Mediterranean Diet Explained
The Mediterranean diet is a diet typified by the Italians, Greeks, and other Mediterranean cultures that emphasizes vegetables, fish, legumes, non-refined cereals, olive oil, fruits and moderate wine consumption, usually at meals.
Mediterranean Diet More than Heart Friendly
The Mediterranean diet has already been shown to reduce the risk of heart disease, diabetes, and some types of cancer. But this and other studies are now suggesting that a Mediterranean diet may also have healthy benefits for the mind.
In this new study, researchers found older adults who followed a Mediterranean diet more closely had slower rates of age-related cognitive decline than those who didn't follow Mediterranean style diet, even after adjusting for other factors such as educational level.
In the study, researchers analyzed information gathered by the ongoing Chicago Health and Aging Project, which follows 3,759 adults over the age of 65 living on the South Side of Chicago.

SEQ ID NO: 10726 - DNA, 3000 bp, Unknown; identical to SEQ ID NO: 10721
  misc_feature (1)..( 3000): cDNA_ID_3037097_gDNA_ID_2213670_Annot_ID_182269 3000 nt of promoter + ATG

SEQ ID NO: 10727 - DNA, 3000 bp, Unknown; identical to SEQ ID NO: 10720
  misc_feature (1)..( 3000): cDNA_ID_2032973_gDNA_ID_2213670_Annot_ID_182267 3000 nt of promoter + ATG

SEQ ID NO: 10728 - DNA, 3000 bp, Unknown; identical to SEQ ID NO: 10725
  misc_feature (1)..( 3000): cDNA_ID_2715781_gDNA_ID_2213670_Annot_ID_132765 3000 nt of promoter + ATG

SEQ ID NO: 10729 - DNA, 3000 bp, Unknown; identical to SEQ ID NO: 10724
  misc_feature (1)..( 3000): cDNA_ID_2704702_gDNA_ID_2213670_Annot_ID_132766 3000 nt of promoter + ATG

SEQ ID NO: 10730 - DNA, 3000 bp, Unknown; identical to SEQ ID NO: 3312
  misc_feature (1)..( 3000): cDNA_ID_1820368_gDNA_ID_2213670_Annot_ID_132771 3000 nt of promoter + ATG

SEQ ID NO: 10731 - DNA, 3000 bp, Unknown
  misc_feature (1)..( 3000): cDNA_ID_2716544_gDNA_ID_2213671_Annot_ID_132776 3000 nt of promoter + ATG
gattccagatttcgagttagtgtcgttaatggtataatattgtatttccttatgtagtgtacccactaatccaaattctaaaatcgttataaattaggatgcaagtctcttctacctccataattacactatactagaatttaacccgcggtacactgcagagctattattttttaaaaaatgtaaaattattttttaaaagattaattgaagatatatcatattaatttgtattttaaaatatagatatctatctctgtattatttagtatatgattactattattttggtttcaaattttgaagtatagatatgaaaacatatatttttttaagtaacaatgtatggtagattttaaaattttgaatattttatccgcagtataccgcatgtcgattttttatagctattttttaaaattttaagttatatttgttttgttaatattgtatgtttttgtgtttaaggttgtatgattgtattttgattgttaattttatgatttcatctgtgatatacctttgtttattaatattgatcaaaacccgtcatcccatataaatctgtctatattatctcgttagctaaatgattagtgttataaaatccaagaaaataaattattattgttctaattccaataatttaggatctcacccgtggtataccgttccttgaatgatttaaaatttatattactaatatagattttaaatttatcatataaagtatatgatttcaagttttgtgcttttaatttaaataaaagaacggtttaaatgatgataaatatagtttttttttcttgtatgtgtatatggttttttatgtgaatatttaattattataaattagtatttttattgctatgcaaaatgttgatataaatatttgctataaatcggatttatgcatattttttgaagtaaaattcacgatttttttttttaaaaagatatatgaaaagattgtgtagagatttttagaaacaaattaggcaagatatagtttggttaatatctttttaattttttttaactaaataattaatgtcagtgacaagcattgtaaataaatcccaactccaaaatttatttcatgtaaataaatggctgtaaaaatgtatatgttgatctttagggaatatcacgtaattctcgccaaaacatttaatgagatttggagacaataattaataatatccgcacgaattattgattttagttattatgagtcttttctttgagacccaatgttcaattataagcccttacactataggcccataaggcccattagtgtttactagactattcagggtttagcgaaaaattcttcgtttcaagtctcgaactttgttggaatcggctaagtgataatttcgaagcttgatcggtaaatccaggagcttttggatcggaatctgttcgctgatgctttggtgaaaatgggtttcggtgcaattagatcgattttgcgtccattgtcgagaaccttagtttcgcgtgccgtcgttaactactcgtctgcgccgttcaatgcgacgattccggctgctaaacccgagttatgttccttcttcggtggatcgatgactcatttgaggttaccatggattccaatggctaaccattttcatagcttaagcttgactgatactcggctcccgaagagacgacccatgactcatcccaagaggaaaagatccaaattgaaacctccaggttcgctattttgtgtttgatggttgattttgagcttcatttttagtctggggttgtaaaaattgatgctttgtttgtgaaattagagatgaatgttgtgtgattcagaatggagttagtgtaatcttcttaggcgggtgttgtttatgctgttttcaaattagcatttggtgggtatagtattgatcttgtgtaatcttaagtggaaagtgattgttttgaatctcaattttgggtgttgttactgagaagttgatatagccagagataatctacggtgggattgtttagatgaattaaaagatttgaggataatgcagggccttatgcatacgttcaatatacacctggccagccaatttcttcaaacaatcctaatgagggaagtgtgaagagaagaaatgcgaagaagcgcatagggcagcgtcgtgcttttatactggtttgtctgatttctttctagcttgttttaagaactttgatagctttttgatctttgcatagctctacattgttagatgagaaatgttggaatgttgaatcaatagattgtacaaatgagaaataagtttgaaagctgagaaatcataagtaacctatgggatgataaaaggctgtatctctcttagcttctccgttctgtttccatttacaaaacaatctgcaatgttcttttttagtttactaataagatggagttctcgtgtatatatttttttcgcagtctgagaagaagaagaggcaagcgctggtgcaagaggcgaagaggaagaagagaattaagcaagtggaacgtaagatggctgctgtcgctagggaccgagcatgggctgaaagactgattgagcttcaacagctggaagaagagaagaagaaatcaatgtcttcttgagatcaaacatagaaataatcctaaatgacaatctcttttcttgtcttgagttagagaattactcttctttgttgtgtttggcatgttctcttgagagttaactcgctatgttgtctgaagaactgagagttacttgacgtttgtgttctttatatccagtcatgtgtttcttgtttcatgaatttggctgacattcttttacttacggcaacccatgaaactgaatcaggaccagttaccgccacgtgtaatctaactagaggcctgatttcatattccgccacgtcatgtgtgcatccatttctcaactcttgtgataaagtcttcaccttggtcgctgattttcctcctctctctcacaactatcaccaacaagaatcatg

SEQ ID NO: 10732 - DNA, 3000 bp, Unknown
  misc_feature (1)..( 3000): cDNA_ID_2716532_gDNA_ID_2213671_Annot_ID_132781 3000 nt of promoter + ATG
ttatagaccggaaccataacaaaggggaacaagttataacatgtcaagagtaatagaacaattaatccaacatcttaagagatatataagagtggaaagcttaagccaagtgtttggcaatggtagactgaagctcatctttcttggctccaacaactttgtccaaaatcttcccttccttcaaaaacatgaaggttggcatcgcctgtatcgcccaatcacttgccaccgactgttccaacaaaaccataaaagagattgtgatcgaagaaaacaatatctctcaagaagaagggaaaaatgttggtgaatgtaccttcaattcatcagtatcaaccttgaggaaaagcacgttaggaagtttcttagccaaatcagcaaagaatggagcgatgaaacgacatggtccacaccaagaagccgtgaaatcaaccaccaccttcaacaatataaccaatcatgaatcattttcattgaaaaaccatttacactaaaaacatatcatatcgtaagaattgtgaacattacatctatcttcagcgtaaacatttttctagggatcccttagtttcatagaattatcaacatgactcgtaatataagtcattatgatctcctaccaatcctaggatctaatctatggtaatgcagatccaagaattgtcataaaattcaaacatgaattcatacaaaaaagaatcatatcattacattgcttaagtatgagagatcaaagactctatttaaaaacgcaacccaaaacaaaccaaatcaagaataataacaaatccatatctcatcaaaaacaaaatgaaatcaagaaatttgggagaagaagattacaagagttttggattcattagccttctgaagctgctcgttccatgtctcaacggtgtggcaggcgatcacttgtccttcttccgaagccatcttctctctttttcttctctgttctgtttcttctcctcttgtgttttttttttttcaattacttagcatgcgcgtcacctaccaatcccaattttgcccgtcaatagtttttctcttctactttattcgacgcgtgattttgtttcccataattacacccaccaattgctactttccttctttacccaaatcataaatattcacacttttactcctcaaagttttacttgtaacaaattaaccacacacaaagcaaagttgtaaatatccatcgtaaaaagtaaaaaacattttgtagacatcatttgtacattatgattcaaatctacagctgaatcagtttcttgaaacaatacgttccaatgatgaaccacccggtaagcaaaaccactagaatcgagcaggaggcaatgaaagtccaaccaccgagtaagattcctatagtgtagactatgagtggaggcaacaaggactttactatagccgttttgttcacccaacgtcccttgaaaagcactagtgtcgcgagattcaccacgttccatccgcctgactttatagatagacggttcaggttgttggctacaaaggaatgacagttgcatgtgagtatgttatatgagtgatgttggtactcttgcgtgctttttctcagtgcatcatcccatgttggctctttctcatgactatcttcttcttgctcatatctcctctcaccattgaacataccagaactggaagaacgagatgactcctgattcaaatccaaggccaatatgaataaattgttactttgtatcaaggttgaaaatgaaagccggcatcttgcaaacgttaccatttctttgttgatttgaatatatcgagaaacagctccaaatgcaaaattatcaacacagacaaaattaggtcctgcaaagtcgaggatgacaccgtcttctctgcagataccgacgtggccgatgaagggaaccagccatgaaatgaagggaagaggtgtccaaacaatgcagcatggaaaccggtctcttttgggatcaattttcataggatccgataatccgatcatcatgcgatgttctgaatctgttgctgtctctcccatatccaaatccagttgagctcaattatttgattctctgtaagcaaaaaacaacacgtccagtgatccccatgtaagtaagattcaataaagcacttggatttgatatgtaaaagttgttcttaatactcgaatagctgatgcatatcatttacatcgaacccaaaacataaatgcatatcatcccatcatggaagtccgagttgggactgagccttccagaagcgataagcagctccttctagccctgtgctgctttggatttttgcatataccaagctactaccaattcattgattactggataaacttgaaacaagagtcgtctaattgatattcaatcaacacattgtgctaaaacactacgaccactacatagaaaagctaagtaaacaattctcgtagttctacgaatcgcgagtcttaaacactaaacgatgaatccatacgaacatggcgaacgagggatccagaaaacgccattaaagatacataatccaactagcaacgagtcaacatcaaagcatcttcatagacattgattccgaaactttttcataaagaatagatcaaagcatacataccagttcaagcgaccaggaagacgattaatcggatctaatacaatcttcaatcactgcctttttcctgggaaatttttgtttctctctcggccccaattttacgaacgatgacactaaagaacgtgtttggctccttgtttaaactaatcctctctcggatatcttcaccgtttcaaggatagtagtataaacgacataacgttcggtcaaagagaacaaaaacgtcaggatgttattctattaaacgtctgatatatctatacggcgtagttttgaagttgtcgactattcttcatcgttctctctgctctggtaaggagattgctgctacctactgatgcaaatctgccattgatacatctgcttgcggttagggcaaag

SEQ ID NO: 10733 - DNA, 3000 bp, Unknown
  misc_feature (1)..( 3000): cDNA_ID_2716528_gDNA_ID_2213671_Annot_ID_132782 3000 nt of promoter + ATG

Every three years, the participants took tests of memory and basic math skills and filled out a questionnaire on how often they eat 139 different foods. The study follow-up time was 7.6 years on average.
Researchers looked at how closely the participants followed a Mediterranean diet and then compared it to their scores on age-related cognitive decline.
Out of a maximum score of 55 for total adherence to a Mediterranean diet, the average score was 28. The results showed those with higher than average scores had a slower rate of age-related mental decline than those with lower scores.
"The more we can incorporate vegetables, olive oil, and fish into our diets and moderate wine consumption, the better for our aging brains and bodies," says Christy Tangney, PhD, associate professor of clinical nutrition at Rush University, in a news release.
Tangney, C. American Journal of Clinical Nutrition, January 2011; vol 93: pp 1-7.
News release, Rush University Medical Center.